Guest Column: Family support teams work together to provide care to their elderly members — part one

By Pastor Randall Hargate, C.A.P.S. — C.L.T.C.
Crossroads Christian Fellowship

It is estimated that the “baby boomer” generation, which is now beginning a metamorphosis into the “senior boomer” generation, will begin the largest transfer of wealth the world has ever known. It is estimated the senior boomer generation will leave to their heirs more than $40 trillion at their deaths.

In previous generations, with the economy of our nation able to support the dreams and aspirations of most hardworking and industrious people, it was not as large of a concern for seniors to leave an inheritance to loved ones. In this questionable global economy, the opinions of our nation’s seniors and their families are changing.

Besides the obvious desire to leave a surviving spouse with adequate financial means, many are becoming more and more convinced of the need to leave a financial legacy to their descendants.

For those who have a need to leave an inheritance to their loved ones, the biggest threat to this goal is the cost of long-term care. Nursing homes can exceed $70,000 per year, and these prices are expected to triple in the next 20 years. Depending on the number of hours a caregiver is present, home health care can be even more expensive than nursing homes.

For those who have the financial means, financial assistance is not available — these are private-pay expenses. When this occurs, any plans on leaving a legacy to loved ones can be severely compromised.

While there are other more affordable strategies for elder care, such as adult day services, for many, assembling a “family support team” is the foundation behind preserving the family estate.

A family support team is “an organized and combined effort from multiple family members and friends united by the goal of providing the desired care their elder needs.”

When these caregiving duties are not shared, often it becomes the source of friction among family members. This friction can cause scars that sometimes never heal.

When the care recipient is blessed with a living spouse, many times he or she will perform most of the caregiving duties, but this can be a costly proposition. The mental, emotional and physical toll it takes on a spouse can cause them to harm themselves or fall victim to the cumulative emotional toll from taking on too large of a job.

Caregiving is a seven days a week and 24 hours a day job. Besides the exhausting toll on the caregiving spouse, it is dangerous for a 110-pound wife to be transferring or lifting a 200-pound husband who is unable to move on his own.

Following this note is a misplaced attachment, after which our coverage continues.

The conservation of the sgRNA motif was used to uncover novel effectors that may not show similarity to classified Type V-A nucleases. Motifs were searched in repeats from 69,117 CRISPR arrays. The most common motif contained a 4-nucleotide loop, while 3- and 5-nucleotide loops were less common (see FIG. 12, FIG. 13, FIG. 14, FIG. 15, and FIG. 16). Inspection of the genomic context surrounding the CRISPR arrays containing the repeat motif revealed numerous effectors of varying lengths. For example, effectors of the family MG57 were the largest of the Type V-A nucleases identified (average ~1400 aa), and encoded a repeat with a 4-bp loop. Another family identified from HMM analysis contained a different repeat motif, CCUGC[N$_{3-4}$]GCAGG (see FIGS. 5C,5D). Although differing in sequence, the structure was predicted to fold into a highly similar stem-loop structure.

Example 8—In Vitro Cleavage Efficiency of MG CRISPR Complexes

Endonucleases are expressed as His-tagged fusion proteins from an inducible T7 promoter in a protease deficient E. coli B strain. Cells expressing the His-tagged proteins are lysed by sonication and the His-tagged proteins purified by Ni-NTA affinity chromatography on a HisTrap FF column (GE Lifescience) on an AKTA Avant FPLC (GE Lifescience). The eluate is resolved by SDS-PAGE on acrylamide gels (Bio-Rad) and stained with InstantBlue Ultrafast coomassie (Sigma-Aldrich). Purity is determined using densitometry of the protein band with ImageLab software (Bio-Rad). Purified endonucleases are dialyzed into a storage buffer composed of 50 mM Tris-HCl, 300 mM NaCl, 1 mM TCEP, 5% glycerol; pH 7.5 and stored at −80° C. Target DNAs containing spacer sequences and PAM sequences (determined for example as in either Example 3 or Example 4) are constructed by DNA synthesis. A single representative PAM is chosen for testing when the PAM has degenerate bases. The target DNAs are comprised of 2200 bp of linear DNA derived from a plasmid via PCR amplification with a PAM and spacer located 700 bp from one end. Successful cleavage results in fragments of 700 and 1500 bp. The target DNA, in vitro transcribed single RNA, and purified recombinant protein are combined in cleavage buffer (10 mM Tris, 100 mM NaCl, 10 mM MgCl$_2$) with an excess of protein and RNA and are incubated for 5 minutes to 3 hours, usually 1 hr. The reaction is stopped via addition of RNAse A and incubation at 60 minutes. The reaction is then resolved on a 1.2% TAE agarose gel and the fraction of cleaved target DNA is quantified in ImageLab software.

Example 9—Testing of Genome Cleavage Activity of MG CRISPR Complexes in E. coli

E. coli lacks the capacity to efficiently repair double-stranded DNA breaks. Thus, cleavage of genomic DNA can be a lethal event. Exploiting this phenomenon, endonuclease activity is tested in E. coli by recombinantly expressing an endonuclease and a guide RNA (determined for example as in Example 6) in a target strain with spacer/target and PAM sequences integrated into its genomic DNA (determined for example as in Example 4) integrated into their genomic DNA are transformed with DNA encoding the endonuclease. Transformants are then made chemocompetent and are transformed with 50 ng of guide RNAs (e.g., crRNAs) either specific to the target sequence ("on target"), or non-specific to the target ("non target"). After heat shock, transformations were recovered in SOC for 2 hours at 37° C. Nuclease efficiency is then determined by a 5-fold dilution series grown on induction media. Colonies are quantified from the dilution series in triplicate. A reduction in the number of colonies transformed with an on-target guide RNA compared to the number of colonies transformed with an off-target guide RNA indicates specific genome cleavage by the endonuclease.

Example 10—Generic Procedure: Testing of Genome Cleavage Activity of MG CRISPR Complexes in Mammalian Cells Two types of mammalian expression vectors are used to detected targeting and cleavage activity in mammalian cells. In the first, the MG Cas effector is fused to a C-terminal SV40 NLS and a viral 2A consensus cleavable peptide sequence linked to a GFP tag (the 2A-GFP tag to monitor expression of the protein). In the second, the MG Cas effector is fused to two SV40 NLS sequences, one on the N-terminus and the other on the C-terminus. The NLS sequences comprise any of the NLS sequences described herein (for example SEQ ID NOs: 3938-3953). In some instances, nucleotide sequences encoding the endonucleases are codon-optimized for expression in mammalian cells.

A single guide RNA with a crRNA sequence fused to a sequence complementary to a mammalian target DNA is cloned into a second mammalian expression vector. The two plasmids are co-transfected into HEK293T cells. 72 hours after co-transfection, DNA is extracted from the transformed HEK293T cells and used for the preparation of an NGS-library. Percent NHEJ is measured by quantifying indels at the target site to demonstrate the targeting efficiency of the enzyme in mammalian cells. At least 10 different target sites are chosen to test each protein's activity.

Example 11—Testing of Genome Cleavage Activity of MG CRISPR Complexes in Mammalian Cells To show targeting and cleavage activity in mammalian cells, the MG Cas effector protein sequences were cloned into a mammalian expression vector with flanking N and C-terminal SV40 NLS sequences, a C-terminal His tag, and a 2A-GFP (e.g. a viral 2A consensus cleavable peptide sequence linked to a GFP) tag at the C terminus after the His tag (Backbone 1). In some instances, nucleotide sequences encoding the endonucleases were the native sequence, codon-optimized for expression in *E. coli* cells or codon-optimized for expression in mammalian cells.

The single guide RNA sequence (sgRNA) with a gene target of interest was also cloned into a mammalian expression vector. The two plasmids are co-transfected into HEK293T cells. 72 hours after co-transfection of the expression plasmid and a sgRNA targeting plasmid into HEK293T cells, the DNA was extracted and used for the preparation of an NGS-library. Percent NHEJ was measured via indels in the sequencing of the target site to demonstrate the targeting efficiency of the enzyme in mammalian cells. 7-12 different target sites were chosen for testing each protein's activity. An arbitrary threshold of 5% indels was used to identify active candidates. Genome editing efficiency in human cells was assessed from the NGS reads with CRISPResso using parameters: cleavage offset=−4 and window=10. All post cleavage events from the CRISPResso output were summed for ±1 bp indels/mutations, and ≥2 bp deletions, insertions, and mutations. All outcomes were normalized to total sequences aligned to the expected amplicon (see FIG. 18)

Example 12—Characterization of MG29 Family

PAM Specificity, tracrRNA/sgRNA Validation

If the spouse is deceased or unable to provide care, a “caregiver” is required to provide these services. Many times, this caregiver is forced to quit his or her employment to be available for the demands of elder care. This type of sacrifice could be a very expensive solution, especially for the family of the one sacrificing the additional income as a result of their elder care duties.

Many additional problems occur when the duties of elder care are not distributed among a team of people who have a vested interest in keeping their loved ones from exhausting their resources on long-term care. Given the reality that many children and grandchildren live far away from their elders, the terms of the family support team will need to be wisely thought through.

You will find this can be a challenging, but rewarding, endeavor, and the services of a neutral mediator such as a “geriatrics care manager” could be a great asset. The plan to prevent institutional care must be well thought out, but to honor mother and father by preventing a nursing home stay is a noble endeavor.

In the next article, we will give some helpful ideas on setting up your family’s support team.

A series of training classes on establishing a “family support” team will be offered to the public free of charge. These classes will be at Crossroads Adult Day Services, 625 Adams St., Rockford.

To sign up for this class, contact me at my e-mail address at, or call (815) 489-0560 for more information.

Pastor Randall Hargate C.A.P.S. — CLTC is pastor of Crossroads Christian Fellowship in Rockford and founder of a local adult daycare called Crossroads Adult Day Services. He is also author of the book The First Commandment With Promise — A Christian guide to eldercare planning, available through

From the Nov. 9-15, 2011, issue

Enjoy The Rock River Times? Help spread the word!